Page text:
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Impr int The university of Waterloo’s official student newspaper

Friday, May 21, 2010

Vol 33, No


imprint . uwaterloo . ca

Uncovering the Katyn Massacre features editor


eventy years ago, an estimated 22,000 Polish citizens were massacred in the Katyn forest in Poland by the Народный Комиссариат Внутренних Дел Narodnyy Komissariat Vnutrennikh Del (NKVD), the Soviet secret police. It was a relatively wellkept secret until the Polish presidential plane, carrying 96 people, including Polish President Lech Kaczynski, his wife, and a number of top state and military leaders, crashed in Smolensk, Russia the past April 10. They were on their way to the memorial service in Katyn that was to commemorate the massacre. Why was ignorance or misinformation of this massacre so widely spread? That was one of the centripetal questions around which the panel discussion, entitled “Understanding Poland,” was based. Held on May 11 and hosted by the Polish Students Association and Russian Club of UW, the panel included three UW professors (Prof. Tamara Trojanowska of UofT was also on the bill, but was unable to attend): Prof. John Jaworsky, of the Department of Political Science; Prof. Ireneusz Szarycz, of the Department of Germanic and Slavic Studies; and Prof. Lynn Taylor, of the Department of History. To illustrate the rampant ignorance over the events of Katyn, Jaworsky referred to a poll he came across, conducted by the Lewada Centre in Russia on April 6 of this year, with 16,000 randomly selected Russians. According to the poll Imprint found on Poskie Radio’s online edition called Thenews.

Nazi German history seemed to have dominated World War II history, effectively excluding the Polish story.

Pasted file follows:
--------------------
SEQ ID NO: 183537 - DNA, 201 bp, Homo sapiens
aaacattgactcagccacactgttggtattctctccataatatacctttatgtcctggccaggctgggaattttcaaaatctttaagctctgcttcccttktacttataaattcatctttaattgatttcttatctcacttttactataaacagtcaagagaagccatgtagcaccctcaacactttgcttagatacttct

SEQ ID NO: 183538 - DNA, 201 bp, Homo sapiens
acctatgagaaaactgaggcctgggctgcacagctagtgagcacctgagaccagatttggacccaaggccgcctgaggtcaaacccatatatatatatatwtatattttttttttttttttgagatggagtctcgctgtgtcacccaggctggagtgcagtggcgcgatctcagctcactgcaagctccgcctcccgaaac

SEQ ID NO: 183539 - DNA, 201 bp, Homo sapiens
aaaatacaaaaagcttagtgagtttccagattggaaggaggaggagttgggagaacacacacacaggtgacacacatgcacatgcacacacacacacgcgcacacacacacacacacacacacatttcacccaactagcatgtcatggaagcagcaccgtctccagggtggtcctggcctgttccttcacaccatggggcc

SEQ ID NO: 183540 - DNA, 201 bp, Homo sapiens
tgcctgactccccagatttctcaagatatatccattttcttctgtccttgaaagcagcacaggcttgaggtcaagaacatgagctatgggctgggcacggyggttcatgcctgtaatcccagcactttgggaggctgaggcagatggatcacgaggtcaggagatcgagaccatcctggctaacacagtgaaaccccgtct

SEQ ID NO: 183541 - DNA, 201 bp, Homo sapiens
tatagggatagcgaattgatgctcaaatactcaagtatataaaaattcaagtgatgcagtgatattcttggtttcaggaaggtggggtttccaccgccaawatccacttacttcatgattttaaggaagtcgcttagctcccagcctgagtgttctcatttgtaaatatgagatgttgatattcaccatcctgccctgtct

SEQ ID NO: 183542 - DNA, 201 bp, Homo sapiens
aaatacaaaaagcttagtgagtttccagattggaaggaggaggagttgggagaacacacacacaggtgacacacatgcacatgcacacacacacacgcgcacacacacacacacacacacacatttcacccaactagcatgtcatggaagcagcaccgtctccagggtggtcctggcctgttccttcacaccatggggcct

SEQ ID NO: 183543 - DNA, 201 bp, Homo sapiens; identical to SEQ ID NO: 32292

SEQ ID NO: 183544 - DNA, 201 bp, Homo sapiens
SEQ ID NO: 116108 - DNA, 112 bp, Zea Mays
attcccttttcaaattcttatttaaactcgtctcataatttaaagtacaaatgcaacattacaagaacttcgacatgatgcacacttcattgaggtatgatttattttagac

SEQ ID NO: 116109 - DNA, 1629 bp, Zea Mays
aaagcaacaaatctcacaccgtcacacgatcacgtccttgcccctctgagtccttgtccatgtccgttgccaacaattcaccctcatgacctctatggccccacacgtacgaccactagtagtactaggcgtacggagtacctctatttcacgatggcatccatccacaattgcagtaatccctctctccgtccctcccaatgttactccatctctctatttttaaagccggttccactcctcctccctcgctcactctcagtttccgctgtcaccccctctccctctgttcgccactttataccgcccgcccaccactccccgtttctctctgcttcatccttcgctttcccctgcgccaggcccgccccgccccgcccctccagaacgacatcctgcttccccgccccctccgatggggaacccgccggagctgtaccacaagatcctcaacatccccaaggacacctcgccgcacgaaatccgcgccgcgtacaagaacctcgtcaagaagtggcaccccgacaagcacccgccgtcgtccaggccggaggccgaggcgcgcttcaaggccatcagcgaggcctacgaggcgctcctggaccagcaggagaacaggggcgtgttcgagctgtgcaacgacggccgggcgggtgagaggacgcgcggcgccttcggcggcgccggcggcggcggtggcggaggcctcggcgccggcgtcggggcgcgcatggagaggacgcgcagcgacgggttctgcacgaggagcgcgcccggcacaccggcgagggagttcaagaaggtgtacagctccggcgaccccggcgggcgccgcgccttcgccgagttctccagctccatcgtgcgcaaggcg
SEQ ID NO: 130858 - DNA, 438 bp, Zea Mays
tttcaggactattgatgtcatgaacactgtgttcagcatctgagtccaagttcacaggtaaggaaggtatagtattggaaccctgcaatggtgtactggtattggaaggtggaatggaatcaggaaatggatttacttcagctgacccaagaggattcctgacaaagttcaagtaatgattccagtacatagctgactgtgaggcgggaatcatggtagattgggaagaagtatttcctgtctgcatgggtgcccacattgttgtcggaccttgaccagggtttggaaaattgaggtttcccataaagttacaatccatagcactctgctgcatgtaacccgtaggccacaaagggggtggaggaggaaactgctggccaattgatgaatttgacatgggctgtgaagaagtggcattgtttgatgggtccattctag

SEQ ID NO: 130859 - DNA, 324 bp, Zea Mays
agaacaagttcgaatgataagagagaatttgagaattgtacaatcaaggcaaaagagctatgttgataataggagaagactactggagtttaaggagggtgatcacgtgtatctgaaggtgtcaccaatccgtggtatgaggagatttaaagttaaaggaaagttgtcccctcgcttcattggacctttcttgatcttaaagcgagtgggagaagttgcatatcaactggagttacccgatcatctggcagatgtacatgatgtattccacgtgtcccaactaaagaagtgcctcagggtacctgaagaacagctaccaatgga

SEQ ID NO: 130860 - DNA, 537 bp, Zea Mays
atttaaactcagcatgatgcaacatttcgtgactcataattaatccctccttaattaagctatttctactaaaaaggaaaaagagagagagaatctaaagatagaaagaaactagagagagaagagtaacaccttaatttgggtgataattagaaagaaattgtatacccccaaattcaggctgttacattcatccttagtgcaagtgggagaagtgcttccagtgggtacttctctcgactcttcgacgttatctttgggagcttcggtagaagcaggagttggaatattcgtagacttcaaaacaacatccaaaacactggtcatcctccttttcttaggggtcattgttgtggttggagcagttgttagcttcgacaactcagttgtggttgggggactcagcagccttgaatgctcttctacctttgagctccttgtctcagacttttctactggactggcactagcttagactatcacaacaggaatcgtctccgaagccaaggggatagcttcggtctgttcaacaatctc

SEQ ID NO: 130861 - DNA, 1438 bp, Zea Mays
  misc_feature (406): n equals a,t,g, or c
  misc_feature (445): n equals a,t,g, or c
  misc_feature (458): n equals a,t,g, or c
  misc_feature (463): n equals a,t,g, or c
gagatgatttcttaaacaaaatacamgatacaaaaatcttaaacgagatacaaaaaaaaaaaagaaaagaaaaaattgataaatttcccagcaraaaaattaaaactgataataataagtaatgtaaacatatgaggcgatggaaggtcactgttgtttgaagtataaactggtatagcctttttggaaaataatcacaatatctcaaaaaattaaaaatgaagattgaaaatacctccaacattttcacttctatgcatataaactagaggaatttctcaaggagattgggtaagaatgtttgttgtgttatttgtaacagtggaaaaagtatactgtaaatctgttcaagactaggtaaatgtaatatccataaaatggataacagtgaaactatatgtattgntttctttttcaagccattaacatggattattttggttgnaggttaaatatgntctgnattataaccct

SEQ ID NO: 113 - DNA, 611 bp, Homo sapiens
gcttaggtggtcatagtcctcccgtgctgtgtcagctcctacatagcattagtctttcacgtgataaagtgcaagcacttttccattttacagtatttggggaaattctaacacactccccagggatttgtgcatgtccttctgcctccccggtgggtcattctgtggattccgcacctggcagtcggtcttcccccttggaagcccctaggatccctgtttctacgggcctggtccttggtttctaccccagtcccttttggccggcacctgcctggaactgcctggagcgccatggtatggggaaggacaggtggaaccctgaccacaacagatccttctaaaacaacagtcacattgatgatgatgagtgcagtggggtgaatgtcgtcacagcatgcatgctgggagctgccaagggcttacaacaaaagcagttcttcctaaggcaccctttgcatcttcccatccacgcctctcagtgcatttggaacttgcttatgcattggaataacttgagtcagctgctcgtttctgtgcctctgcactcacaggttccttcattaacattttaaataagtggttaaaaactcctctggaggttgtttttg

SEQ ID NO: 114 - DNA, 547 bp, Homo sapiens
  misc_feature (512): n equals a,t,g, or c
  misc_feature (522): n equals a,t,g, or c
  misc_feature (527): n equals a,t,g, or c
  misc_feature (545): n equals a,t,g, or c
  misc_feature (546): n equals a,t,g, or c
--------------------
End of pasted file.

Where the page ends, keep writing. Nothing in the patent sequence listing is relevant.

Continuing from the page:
pl — which is suspected to be the poll Jaworsky was referring to — 46.8 per cent of Russians thought that the Russian prime minister should not apologize for the Katyn Massacre, because Nazi Germany — not the Soviet Union — was responsible for the crime. Thirty-four per cent of the respondents, who attributed the crime to Soviets, thought that the Russian Federation should not take responsibility for past Soviet Union crimes. Eight per cent claimed that an apology would weaken Russia’s ties with Poland. Eighteen per cent thought that an apology for the Katyn massacre was necessary. Thiryt-six per cent of Russians had no opinion on the issue. Almost half of Russians (47 per cent) considered Polish-Russian relations to be “rather good or very good.” One third of respondents did not know, however, what role Poland plays in Russia’s foreign policy; 26.8 per cent thought it is Russia’s partner, and 22.1 per cent said that it is Russia’s ally. The panellists discussed what exactly took place seven decades ago. A large number of Polish citizens were rounded up and taken away from their homes and families. According to Jaworsky, “those individuals who were rounded up were in the Polish elite: Polish professors, largely officers in the reserves, judges, individuals whose social

Rosalind Gunn